The New Bay Ridge Zoning Changes Aren’t Bad

Apartment buildings in Bay Ridge
Photo via Google Street View

The plan is nuanced. The reaction from the community has been anything but.

The de Blasio administration has proposed citywide zoning changes intended to improve the interior environment and façade design of new developments, plus ease the way for providing new senior housing. A representative from the department of city planning met with the local community board’s zoning committee on June 11 to explain the plan (known as Zoning for Quality and Affordability), and the plan was presented to the full board at the regular monthly meeting a few days later.

The new proposal seeks to increase the allowable height of buildings located in very carefully delineated zoning districts in Bay Ridge, to provide better design as well as a slight increase in density for only those specific zones. There is a great deal more to the plan than this, but as soon as the word “density” was spoken, the predictable, knee-jerk reaction is that they’re trying to turn Bay Ridge into another Williamsburg, an unrecognizeable forest of spanking-new condo towers swamping the neighborhood with outsiders and overburdening our infrastructure. That couldn’t be further from the truth. Let me explain.

First, the proposal would apply only to the most densely populated zoning districts in Bay Ridge, R5, R6 and R7 multifamily zoning districts, which basically include the buildings that front Third, Fourth and Fifth avenues, plus certain parts of Ridge Boulevard and Shore Road. (See zoning maps of Bay Ridge here and here.) This is where the midrise, multifamily housing in Bay Ridge has been located ever since the neighborhood was built out in the 1920s. Because the basic zoning of these districts would not change, there is no incentive to demolish and replace existing buildings that are still profitable. In other words, the impact of the increased heights allowable in these zones, negligible to begin with, would not be felt for years, possibly decades.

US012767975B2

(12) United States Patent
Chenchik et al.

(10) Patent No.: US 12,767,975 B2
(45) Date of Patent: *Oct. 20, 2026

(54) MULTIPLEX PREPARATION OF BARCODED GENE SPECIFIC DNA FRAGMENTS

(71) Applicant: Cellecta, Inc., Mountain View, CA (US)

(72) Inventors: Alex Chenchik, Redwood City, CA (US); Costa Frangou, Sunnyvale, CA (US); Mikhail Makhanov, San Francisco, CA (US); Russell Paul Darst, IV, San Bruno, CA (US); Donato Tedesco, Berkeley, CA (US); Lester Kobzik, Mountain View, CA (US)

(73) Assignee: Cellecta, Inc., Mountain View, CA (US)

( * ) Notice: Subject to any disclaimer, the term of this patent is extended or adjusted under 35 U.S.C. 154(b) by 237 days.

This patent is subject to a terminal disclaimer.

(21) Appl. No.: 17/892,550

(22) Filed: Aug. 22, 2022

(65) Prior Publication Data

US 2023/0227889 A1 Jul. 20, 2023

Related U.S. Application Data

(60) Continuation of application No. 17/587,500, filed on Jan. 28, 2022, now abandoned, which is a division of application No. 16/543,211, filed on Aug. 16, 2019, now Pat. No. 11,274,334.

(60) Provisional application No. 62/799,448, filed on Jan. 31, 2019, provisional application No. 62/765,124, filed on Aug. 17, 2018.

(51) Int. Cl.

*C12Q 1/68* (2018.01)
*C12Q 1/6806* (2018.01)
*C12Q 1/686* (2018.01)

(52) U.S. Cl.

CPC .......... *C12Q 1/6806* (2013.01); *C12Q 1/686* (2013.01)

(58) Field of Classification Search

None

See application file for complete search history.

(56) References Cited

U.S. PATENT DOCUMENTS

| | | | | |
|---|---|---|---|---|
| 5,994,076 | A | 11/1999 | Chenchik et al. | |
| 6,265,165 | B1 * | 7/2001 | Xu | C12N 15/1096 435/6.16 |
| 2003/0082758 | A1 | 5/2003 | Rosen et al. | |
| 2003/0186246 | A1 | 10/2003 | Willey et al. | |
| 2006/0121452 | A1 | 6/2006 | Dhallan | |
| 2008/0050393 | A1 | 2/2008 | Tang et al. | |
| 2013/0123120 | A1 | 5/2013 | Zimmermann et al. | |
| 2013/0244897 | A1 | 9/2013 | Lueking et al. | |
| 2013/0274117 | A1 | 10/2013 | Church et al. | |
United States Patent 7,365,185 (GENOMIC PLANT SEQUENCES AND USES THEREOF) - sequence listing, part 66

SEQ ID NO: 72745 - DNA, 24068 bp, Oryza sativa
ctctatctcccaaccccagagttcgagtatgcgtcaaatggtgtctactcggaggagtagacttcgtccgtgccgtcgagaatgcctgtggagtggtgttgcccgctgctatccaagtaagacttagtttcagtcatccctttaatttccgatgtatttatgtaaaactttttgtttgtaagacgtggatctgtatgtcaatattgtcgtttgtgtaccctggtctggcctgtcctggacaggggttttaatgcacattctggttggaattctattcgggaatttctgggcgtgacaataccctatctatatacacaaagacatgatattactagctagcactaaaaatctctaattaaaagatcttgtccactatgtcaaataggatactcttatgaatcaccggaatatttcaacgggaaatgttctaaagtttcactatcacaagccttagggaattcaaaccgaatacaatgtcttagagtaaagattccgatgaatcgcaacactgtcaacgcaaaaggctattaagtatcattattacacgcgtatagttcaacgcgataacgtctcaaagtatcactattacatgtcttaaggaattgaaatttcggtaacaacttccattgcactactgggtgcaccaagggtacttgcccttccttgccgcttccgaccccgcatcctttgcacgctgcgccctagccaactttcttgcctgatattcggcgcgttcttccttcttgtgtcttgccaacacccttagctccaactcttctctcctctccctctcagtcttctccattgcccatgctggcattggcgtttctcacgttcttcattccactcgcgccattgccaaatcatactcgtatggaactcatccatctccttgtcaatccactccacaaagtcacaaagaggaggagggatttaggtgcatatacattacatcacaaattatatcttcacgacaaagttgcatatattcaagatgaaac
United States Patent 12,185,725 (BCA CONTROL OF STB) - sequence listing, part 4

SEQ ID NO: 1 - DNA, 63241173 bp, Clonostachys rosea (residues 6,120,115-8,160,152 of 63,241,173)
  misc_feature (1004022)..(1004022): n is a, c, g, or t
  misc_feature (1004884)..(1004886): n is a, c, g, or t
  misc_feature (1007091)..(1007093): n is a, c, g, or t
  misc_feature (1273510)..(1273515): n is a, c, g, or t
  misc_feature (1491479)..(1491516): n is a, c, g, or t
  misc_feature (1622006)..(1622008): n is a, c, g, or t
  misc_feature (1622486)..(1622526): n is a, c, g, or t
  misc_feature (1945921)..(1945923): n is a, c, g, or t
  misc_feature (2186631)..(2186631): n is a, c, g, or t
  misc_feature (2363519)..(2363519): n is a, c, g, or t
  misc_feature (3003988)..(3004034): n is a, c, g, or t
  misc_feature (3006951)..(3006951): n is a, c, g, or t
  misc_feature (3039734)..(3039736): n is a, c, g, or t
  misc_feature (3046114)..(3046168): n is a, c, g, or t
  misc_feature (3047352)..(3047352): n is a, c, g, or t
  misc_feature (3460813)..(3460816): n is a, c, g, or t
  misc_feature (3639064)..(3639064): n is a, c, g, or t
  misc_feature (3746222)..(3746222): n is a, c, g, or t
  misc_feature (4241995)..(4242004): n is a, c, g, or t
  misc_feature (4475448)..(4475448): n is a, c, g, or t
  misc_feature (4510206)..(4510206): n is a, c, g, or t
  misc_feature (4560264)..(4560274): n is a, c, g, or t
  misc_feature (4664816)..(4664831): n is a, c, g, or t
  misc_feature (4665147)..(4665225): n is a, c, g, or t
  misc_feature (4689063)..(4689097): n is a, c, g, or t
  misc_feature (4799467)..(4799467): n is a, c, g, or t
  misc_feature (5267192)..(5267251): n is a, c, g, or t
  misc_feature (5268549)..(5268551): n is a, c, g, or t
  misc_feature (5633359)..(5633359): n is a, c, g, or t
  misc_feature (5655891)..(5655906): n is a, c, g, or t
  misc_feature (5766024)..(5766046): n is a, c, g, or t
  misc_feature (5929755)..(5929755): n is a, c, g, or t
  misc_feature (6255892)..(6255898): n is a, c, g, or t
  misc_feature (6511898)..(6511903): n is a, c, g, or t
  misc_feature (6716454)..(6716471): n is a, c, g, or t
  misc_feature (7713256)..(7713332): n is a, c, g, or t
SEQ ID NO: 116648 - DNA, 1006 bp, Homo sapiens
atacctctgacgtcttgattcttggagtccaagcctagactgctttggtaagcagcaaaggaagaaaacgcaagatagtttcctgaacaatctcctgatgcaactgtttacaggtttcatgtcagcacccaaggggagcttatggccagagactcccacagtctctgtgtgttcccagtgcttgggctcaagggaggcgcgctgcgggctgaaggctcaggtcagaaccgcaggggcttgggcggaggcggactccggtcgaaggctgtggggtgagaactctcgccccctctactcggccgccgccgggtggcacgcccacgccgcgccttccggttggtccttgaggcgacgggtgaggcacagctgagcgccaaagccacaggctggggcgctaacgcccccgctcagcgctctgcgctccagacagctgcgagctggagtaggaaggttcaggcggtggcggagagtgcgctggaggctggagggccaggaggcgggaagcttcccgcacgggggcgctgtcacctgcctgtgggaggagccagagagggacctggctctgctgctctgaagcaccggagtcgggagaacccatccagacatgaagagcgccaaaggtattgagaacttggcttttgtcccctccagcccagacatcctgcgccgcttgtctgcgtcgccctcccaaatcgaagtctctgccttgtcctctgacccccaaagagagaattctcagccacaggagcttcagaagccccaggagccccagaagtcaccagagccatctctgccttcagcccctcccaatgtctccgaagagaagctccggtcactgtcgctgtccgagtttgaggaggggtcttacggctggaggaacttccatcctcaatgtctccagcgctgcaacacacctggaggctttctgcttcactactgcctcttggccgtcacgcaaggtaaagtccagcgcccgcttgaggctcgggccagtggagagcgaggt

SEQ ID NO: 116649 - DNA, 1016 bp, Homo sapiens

Increased heights would be primarily a result of increased floor-to-floor heights required in the proposal, as well as an innovative allowance for taking floor areas carved out from facades and adding that to the roofs of new buildings. The goal of both of these changes is to allow new buildings to depart from the flat façade, rectangular shoe-box type of design that has been prevalent over the past 40 years, and return to the more artistic designs of the prewar period.